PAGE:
The memoirs of the late King, and the fact that he had his full court and four hundered plus tribal elders present at the signing of the Agreement, shows that the King entered into the Agreement of his own free will and also that his action was not simply that of a King, who acted arbitrarily against the wishes of his government or people, but with the will of all his tribal leaders, which we may refer to as a loya jirga. Under international law, any agreement entered between states is binding, unless it can be shown that the representative who signed, went beyond his mandate. In this case the King, was the King, not a representative, additionally, as already mentioned he had his full court and tribal elders representation with him. Then, the historical setting shows that the Agreement was signed by the King with full intention of securing his own and his country’s interests, there was no coercion or fraud.
The Agreement was reaffirmed by later Afghan Kings, in the Anglo-Afghan Pact of 1905, then in the Treaty of Rawalpindi 1919 and then again in the Anglo-Afghan Treaty of 1921.
With regard to the second set of objections that the Agreement ceased to hold, when Pakistan came into being, it is an established principle that successor states inherit the rights and obligations of the predecessor states. Additionally, under customary international law, which was later codified in the 1969 Vienna Convention on the Law of Treaties, a treaty or agreement is binding on both states, under the old principle, pacta sunt servanda. As regards the Durand Line Agreement the Government of Britain’s stance was expressed by Mr. Noel-Baker, the British Secretary of State for the Commonwealth Relations in the House of Commons on 30th June, 1950:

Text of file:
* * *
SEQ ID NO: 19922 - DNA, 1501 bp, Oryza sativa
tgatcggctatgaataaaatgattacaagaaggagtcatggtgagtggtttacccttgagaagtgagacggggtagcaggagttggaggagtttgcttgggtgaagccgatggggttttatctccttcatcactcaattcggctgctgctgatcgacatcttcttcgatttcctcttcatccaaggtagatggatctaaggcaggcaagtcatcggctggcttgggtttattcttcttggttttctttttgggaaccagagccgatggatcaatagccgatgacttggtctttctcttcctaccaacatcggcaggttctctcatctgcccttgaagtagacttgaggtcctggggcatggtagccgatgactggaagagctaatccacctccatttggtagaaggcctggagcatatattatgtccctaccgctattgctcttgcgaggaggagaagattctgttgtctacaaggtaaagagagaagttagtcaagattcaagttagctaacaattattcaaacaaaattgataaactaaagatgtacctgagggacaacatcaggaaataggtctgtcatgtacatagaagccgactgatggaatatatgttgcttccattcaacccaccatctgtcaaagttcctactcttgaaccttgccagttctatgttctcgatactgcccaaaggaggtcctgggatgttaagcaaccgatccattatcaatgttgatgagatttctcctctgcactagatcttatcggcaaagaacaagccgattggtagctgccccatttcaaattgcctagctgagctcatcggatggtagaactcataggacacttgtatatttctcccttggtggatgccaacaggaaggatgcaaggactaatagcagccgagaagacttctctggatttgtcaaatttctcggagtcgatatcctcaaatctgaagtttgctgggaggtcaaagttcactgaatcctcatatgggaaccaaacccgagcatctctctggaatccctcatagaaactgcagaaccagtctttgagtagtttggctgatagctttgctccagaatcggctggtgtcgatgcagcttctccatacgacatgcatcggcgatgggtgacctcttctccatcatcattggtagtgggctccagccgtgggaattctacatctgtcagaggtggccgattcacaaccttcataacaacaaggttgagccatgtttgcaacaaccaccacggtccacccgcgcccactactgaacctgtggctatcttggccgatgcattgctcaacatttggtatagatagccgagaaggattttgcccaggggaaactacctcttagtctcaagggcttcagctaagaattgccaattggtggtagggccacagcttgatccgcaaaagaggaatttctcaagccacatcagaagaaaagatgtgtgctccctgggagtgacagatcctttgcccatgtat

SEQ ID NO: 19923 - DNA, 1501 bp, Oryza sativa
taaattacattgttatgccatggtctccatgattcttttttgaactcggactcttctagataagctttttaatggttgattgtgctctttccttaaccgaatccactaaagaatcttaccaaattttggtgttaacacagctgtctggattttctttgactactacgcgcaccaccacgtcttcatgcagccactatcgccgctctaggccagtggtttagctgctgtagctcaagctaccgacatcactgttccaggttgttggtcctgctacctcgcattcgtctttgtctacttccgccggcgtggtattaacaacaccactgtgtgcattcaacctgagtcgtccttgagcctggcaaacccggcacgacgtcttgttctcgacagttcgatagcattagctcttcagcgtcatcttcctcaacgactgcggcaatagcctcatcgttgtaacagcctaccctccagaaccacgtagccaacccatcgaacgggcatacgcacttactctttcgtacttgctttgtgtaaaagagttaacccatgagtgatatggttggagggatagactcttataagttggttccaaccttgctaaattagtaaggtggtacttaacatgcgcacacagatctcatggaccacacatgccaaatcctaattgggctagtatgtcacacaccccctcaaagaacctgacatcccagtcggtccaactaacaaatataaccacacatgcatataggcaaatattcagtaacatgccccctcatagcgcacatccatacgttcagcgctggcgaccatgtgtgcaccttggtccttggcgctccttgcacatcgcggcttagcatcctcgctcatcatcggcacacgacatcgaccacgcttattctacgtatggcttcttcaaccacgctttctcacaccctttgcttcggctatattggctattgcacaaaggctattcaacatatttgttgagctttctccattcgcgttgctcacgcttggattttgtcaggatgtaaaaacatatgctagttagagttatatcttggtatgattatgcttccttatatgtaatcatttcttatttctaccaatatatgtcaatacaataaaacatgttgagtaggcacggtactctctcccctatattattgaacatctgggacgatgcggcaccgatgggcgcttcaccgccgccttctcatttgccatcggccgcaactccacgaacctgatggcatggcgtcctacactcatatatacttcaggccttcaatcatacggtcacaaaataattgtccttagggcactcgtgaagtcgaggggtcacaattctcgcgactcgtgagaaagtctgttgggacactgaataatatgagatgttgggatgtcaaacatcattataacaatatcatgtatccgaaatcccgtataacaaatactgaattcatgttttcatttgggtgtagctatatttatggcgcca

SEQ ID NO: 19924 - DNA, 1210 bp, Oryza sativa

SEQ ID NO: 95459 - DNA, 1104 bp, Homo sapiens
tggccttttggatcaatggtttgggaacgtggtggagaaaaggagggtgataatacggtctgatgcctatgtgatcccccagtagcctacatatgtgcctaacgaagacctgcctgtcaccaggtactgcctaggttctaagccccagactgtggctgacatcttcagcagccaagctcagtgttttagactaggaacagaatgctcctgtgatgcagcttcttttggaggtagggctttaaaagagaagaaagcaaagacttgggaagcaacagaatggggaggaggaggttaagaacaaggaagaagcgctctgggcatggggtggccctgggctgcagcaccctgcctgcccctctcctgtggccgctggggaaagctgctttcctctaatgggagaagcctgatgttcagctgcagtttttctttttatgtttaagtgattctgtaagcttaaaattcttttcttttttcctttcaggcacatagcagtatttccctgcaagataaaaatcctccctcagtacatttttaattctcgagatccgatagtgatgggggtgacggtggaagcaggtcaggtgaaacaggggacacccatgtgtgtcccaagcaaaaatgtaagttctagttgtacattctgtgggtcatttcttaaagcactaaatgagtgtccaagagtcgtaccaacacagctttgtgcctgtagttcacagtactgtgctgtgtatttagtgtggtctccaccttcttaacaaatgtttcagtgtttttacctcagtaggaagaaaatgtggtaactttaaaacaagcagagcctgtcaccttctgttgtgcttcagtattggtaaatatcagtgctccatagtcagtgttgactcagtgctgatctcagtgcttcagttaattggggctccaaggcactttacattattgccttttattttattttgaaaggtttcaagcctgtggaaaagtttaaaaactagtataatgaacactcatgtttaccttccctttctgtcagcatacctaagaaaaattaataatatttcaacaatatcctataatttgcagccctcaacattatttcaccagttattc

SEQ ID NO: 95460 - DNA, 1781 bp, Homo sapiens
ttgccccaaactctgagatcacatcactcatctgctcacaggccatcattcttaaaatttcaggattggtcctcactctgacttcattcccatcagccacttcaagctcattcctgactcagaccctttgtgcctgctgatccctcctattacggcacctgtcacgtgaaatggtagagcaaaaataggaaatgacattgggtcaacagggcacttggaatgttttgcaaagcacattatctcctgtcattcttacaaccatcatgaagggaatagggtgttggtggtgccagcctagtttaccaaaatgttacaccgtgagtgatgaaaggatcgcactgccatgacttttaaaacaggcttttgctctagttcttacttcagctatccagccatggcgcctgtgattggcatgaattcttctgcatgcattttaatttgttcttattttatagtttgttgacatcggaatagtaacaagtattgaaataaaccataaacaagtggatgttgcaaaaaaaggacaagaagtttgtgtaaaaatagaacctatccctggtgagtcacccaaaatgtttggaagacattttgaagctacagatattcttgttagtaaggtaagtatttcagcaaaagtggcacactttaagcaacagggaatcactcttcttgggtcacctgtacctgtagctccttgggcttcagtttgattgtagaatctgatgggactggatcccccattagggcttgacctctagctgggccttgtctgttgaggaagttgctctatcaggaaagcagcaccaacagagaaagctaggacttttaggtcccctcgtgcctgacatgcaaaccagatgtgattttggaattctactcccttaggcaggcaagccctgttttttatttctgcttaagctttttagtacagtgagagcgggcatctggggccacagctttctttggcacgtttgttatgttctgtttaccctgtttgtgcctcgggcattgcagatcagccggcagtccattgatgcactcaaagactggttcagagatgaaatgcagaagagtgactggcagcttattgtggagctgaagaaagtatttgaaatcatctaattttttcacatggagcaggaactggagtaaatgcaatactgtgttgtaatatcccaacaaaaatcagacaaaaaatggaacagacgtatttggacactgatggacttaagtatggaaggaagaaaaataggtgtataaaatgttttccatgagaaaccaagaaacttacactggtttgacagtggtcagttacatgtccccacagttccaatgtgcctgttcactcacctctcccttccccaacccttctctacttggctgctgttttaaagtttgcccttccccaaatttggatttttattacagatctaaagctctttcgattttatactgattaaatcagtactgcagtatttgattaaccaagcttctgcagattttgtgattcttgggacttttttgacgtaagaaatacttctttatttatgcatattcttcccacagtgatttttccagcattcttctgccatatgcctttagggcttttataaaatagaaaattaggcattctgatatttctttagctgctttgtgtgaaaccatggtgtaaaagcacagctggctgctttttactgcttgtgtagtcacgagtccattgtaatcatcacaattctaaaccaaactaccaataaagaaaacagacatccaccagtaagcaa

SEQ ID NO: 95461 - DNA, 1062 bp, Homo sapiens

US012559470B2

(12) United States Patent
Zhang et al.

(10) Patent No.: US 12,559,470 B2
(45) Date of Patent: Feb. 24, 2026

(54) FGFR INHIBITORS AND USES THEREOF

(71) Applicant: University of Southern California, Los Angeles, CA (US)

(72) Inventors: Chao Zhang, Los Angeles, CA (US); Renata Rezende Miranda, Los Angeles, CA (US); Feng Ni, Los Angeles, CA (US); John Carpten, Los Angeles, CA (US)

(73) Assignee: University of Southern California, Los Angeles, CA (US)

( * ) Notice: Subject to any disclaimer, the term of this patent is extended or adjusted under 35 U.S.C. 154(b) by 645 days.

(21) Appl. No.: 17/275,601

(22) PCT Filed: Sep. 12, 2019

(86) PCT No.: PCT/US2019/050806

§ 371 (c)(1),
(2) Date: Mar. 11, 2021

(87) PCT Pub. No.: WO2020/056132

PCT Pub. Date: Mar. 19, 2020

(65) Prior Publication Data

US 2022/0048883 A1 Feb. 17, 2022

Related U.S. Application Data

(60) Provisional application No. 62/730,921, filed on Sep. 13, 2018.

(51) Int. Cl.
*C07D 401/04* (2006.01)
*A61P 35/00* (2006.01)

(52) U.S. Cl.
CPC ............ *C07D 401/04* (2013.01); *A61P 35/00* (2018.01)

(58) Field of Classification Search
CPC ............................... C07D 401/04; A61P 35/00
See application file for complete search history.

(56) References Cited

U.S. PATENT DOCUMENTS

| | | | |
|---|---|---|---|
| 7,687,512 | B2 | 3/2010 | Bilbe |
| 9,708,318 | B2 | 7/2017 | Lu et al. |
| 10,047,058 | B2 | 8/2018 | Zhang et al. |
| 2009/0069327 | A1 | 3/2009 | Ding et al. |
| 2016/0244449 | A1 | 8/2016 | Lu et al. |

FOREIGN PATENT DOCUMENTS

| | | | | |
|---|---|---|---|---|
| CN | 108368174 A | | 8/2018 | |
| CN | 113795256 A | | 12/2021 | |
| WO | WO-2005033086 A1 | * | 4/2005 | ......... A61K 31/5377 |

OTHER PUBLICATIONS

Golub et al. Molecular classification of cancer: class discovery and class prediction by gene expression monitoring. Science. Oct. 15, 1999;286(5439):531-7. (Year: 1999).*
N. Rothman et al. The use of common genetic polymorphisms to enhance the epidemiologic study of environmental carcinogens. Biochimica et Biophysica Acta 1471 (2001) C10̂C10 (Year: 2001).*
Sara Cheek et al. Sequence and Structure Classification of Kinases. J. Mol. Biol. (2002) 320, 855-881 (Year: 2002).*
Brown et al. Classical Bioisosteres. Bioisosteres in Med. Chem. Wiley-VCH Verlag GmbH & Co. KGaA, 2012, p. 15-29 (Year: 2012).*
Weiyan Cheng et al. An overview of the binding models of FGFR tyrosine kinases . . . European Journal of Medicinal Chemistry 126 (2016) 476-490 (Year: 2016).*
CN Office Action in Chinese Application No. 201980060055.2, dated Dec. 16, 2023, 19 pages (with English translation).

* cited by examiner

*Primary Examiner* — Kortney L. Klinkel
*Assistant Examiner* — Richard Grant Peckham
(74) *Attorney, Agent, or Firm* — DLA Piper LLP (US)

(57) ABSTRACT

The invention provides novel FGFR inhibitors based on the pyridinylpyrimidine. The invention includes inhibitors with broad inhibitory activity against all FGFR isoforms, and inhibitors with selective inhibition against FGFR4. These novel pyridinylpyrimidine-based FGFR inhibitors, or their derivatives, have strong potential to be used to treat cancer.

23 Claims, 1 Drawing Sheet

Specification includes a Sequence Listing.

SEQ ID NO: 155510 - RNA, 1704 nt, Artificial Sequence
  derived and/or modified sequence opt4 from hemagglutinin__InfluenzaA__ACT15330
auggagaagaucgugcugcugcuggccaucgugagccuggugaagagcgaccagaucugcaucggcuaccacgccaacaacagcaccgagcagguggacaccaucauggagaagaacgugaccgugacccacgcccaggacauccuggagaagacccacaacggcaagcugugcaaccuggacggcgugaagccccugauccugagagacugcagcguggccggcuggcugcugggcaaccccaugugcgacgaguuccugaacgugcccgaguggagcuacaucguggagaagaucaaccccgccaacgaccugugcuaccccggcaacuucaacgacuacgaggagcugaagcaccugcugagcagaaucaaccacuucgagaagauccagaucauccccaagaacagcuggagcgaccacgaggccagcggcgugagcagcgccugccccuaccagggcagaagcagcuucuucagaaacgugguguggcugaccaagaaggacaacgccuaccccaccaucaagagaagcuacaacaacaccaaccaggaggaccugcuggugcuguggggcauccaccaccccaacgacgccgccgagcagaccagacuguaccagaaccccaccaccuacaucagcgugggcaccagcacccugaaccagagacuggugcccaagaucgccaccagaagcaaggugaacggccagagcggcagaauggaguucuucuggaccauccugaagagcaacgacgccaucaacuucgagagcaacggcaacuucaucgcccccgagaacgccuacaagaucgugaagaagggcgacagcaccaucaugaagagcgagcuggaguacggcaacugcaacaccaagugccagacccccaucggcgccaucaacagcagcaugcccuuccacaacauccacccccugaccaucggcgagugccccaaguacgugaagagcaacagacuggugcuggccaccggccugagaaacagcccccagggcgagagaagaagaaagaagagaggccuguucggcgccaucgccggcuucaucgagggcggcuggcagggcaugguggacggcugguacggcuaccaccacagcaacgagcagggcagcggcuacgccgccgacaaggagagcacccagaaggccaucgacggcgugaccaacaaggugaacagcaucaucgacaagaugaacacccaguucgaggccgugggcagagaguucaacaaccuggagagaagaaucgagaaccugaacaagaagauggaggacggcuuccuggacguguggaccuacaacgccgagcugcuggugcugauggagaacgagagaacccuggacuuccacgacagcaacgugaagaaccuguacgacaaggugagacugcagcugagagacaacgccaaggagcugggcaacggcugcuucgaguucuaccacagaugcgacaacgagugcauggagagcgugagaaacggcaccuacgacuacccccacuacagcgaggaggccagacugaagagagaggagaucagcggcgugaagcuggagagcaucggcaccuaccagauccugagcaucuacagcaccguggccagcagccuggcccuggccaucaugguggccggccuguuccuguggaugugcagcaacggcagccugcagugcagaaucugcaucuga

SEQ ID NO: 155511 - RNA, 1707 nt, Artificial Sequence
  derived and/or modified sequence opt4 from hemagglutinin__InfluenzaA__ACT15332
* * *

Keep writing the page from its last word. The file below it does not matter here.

“It is his Majesty’s Government’s view that Pakistan is in international law the inheritor of the rights and duties of the old Government of India and of His Majesty’s Government in the United Kingdom, in these territories, and that the Durand Line is the international frontier.”
In addition, the principle uti possidetis juris is a principle of customary international law which states that the boundaries of colonies emerging as States shall be preserved. It is a general principle, which is logically connected with the phenomenon of the obtaining of independence, wherever it occurs. It’s obvious purpose is to prevent the independence and stability of new states being ‘endangered by fratricidal struggles provoked by the challenging of frontiers following the withdrawal of the administering power’.
In the light of the above discussion, it is clear that the Durand Line Agreement was, and is, a legally binding instrument between Pakistan and Afghanistan, and therefore the border it helped establish between the two states is also a legal border and there is no need to renegotiate it. It is time that this manufactured controversy was put to rest, and the border is accepted as such.